That’s why we license within a project, to worry about these metrics only for a given project, at a given time, not if the company is growing or needs to know how many people will work on the project in question. You only need to ask the questions once for each project. This is our way of simplifying things.
Demo and piracy
Our desire to simplify things is also reflected in our Demo Licenses. Unlike the limited Trials, we have included all characters in these files. Our Demo Licenses are limited for evaluation and testing purposes, but we didn’t want to restrict users, especially non-English speakers who can’t really test Fonts without diacritics. I remember an Icelandic designer complaining on Twitter that the /eth was missing from the Trials he downloaded and that the file was therefore useless, the text being sprinkled with .notdef… This is understandable and quite unfair to non-English speakers. We want users and designers to be able to test our Fonts fully and completely. We wish to make them want to use our Fonts, not restrict them.
The choice to have all the characters and kerning is also essential to us for another reason. Some graphic or web designers sometimes do all the layout or development with Trial files and only buy the correct License in the middle or at the end of the project. Imagine if they have to redo the whole layout because glyphs are missing or redo all their justification adjustments because the kerning was wrong. And we think it’s important to have all the glyphs. You don’t buy a Font just for the alphabet but also for the Stylistic Sets or other non-alphabetic glyphs, which you must be able to test beforehand.
Some may not understand our point of view and may say that we are too trusting of our users and that it is risky because of piracy. This is a big concern in many foundries and in the typography world, and rightly so. But we are aware that, over time, we will not be able to prevent the fact that our Fonts will likely circulate and be pirated, no matter how hard we try. We have (or are trying to) quit worrying about Font piracy because we cannot stop it. No one does. We rather invest our energy in things we can control like drawing type. The truth is, in most cases, people who use a pirated Font would not have bought it anyway. So fighting piracy is not about finding new customers for a foundry of our size. Of course, we will not encourage this and will take action if it happens, but we cannot fight or prevent everything, and we are aware of this.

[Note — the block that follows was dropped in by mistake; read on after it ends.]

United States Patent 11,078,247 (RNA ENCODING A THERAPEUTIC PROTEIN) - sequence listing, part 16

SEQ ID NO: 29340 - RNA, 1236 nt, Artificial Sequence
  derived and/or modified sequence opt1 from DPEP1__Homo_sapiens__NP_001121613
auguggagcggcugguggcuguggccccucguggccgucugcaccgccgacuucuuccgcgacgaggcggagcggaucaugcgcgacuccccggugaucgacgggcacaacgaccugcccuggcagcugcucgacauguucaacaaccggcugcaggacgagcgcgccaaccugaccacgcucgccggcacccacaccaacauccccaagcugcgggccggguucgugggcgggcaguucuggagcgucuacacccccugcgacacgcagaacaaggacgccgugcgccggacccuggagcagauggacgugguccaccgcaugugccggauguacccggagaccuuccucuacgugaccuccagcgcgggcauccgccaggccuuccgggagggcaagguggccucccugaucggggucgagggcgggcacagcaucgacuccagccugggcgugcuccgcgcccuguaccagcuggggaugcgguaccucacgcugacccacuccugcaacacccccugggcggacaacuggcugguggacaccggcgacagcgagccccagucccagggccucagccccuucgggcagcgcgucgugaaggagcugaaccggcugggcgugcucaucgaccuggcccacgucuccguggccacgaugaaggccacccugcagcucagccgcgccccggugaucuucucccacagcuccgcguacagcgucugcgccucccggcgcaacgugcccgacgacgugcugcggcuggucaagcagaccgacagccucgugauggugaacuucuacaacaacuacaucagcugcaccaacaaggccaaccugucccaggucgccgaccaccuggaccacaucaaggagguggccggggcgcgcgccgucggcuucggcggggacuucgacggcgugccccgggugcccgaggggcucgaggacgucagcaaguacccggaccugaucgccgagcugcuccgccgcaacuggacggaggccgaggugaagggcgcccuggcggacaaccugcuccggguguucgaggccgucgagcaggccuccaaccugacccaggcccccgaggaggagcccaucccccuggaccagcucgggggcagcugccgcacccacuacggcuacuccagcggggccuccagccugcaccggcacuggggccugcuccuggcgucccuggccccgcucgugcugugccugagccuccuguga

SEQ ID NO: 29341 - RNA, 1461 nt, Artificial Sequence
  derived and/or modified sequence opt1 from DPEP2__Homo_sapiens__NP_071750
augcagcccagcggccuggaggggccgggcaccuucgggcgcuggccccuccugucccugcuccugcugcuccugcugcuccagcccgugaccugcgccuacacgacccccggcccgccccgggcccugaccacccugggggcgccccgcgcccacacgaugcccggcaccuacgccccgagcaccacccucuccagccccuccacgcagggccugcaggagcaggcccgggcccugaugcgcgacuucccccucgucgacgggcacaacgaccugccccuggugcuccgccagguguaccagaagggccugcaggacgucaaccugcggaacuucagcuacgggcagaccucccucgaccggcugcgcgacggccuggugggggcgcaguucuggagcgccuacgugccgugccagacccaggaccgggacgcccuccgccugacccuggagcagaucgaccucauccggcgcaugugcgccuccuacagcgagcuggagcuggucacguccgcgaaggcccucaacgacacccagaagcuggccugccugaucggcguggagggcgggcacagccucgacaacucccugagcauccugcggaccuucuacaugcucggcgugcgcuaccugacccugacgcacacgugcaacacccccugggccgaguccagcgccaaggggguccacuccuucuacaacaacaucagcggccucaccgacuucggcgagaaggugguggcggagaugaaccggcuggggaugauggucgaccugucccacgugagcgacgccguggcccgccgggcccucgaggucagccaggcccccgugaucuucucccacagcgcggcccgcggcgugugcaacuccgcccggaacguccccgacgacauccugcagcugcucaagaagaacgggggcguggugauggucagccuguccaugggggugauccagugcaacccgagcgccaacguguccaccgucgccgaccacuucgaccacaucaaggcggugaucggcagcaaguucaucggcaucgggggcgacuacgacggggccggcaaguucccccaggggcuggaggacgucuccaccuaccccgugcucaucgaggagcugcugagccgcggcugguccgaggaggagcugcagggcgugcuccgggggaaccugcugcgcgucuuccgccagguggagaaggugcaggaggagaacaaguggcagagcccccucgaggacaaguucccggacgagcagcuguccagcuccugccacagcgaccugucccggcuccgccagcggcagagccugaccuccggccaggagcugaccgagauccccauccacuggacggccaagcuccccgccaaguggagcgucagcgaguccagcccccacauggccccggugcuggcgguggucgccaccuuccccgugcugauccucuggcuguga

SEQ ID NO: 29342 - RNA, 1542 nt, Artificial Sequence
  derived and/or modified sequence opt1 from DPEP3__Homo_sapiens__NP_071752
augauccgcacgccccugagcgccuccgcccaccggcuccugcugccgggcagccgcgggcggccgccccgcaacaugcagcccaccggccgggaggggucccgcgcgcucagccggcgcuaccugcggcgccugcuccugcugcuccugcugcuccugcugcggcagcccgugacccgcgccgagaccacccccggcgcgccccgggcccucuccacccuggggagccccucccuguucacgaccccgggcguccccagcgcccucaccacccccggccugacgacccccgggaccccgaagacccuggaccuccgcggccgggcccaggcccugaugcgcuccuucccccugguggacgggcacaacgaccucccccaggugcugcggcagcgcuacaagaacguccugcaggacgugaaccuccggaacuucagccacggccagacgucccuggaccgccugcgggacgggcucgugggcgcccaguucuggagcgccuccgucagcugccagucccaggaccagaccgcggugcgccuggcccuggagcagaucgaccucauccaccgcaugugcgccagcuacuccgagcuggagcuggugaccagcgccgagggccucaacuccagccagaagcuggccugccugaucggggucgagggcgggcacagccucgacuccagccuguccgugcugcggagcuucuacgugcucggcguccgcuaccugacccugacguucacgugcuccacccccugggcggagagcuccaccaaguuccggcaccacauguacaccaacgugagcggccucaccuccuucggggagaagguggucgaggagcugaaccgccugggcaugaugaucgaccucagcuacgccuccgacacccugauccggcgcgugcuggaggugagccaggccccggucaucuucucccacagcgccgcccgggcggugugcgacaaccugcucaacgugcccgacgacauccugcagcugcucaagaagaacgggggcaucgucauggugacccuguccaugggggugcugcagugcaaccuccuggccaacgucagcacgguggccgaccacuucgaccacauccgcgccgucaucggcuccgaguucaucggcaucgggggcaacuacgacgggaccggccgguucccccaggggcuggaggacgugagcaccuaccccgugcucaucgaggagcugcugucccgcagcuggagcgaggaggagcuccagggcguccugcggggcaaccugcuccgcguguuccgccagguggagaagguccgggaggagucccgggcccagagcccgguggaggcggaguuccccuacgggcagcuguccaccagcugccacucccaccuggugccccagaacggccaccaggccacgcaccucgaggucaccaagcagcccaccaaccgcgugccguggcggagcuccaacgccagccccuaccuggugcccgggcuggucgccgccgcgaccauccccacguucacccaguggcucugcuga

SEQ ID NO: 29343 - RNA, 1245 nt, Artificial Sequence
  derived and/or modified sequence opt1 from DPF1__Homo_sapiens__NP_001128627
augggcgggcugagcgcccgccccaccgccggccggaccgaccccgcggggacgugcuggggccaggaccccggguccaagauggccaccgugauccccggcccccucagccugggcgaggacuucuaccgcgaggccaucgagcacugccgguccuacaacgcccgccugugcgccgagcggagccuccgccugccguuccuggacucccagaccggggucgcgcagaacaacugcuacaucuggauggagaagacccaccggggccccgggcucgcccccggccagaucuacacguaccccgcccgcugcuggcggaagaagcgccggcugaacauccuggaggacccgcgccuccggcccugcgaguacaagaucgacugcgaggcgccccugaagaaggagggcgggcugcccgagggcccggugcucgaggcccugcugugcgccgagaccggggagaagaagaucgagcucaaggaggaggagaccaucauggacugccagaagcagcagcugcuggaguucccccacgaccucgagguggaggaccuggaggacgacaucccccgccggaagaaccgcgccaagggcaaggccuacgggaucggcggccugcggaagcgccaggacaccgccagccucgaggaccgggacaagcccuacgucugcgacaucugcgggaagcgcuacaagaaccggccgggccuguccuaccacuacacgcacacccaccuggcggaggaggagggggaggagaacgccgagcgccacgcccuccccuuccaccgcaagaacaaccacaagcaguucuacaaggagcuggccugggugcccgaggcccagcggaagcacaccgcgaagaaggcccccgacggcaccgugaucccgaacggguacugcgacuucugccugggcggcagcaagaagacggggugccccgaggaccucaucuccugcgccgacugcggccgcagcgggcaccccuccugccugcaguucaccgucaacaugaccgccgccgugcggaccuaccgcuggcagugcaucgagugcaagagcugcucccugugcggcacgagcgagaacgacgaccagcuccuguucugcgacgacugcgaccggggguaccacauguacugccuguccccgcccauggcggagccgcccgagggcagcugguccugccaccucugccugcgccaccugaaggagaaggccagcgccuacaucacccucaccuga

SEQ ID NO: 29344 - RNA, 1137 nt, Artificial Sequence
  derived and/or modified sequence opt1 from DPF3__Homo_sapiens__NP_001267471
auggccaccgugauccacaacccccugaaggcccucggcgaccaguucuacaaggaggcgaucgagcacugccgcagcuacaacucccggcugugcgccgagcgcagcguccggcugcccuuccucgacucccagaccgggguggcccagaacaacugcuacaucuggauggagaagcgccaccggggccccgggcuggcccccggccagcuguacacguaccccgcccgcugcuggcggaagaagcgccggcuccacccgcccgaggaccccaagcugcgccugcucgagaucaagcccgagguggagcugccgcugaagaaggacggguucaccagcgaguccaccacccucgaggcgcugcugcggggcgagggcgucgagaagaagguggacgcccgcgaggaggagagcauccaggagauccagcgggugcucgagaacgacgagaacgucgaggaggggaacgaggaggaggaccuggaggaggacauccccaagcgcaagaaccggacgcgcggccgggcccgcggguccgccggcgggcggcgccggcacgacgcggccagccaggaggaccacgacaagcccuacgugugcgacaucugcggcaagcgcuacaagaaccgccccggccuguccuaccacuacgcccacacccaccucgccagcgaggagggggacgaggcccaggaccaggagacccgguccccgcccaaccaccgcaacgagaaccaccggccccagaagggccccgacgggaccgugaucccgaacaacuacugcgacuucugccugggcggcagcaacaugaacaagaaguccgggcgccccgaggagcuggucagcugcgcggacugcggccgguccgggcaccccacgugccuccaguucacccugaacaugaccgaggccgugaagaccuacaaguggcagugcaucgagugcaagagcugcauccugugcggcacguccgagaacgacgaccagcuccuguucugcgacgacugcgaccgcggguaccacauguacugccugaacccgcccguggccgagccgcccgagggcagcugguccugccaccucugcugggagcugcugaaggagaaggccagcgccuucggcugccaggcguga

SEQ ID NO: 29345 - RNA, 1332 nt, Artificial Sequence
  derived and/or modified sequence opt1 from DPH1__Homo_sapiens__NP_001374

We were talking about this with a friend of ours, who gave us an amusing analogy:
It reminds me a lot of the discussions that are going on about the broadcasting of Ligue 1 and sports in general. On the one hand, you have the NBA, which doesn’t fight against piracy, doesn’t care about the GIFs and excerpts that circulate on socials, and offers a package that is financially adapted to the different uses. The result is a huge visibility and an exponential increase in viewer loyalty. On the other hand, you have Ligue 1, which spends its time fighting against piracy, against sharing its images on the networks, with a unique and unsuitable offer. The result is a 50% drop in spectators in 10 years and a growing lack of interest in the competition. You don’t win by fighting a problem bigger than yourself. You win by adapting your offer accordingly. Thinking that people who pirate will buy if you ‘stop’ piracy is nonsense.
Obviously, we’re not comparing ourselves to the NBA and not saying that we want to be paid in visibility, but fighting these discrepancies at all costs is not part of our philosophy.
Maybe we haven’t managed to be the simplest. Still, we want to accommodate every step of the Licensing process when buying, state things simply, and explain clearly our principle of project Licensing and our notion of a Working Group.
It feels right to do it this way. We will see how our foundry evolves and whether we need to readjust our position on these questions over time. It is by doing and practicing that we will get a clearer picture.